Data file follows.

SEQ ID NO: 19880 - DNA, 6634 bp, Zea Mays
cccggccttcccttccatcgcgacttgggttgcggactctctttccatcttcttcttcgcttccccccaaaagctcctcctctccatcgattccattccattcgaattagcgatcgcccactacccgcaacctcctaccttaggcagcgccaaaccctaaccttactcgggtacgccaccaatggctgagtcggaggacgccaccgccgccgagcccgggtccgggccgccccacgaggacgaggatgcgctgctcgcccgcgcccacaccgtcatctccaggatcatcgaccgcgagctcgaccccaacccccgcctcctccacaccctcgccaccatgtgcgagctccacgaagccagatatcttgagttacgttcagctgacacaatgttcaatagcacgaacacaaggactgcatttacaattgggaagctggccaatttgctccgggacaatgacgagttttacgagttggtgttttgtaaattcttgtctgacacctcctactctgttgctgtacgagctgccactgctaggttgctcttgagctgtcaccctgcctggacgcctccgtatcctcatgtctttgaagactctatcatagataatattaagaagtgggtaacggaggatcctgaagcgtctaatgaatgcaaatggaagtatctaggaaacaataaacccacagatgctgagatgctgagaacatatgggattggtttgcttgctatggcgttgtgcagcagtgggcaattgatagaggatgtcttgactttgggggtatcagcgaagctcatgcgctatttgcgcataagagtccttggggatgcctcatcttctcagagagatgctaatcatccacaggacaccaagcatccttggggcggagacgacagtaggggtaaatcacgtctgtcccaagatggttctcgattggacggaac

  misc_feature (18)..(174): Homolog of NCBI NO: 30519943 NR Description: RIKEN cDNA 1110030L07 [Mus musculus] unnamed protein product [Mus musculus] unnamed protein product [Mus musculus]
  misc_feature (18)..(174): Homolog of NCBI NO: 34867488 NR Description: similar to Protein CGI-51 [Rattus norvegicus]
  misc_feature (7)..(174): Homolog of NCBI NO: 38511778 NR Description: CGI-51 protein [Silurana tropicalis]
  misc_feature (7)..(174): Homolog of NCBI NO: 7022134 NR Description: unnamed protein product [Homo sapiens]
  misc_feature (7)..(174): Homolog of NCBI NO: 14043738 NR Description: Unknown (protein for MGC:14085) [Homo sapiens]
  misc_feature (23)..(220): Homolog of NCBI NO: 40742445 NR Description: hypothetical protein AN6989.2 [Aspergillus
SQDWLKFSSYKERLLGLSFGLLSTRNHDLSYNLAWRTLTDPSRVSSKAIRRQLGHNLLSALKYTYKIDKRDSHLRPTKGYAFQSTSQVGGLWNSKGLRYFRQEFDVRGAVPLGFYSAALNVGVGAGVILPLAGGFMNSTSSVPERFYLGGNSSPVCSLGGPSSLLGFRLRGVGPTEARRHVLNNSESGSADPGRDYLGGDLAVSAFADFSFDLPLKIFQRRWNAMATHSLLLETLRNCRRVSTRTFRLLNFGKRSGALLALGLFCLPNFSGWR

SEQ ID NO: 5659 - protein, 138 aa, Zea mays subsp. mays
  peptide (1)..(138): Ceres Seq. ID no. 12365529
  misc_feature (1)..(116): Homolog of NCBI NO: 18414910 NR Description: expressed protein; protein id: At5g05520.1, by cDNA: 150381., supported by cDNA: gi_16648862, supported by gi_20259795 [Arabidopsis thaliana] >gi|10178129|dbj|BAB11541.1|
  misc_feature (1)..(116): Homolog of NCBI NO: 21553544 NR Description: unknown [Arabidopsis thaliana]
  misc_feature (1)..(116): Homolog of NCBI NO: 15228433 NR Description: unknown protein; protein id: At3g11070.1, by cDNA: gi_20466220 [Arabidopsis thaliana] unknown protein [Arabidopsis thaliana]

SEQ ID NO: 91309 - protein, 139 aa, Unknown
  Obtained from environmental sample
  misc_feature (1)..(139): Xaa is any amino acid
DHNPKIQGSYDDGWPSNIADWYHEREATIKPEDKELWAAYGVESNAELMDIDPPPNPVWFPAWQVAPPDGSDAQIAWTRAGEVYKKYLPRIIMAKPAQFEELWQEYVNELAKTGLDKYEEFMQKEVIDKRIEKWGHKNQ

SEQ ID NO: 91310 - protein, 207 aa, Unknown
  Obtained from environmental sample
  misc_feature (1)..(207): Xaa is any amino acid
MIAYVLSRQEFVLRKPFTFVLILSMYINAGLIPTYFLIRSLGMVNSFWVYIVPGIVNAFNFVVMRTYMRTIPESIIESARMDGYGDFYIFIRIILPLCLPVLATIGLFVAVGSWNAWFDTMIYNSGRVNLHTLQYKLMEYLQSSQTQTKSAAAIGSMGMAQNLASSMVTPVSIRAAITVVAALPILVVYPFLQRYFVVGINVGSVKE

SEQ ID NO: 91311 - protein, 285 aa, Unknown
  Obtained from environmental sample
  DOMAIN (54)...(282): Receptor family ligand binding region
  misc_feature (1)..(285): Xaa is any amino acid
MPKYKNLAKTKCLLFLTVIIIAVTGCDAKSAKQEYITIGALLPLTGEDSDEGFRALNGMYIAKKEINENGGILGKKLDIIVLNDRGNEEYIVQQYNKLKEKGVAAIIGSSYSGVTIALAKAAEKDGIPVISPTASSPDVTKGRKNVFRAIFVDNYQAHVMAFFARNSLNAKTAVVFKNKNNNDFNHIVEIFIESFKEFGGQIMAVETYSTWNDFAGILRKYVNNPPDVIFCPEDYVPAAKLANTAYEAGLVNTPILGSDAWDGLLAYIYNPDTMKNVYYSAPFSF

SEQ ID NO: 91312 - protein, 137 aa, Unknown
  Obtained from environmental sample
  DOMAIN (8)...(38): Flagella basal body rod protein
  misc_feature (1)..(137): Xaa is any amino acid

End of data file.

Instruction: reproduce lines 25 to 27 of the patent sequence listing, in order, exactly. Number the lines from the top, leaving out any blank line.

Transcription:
  DOMAIN (54)...(282): Receptor family ligand binding region
  misc_feature (1)..(285): Xaa is any amino acid
MPKYKNLAKTKCLLFLTVIIIAVTGCDAKSAKQEYITIGALLPLTGEDSDEGFRALNGMYIAKKEINENGGILGKKLDIIVLNDRGNEEYIVQQYNKLKEKGVAAIIGSSYSGVTIALAKAAEKDGIPVISPTASSPDVTKGRKNVFRAIFVDNYQAHVMAFFARNSLNAKTAVVFKNKNNNDFNHIVEIFIESFKEFGGQIMAVETYSTWNDFAGILRKYVNNPPDVIFCPEDYVPAAKLANTAYEAGLVNTPILGSDAWDGLLAYIYNPDTMKNVYYSAPFSF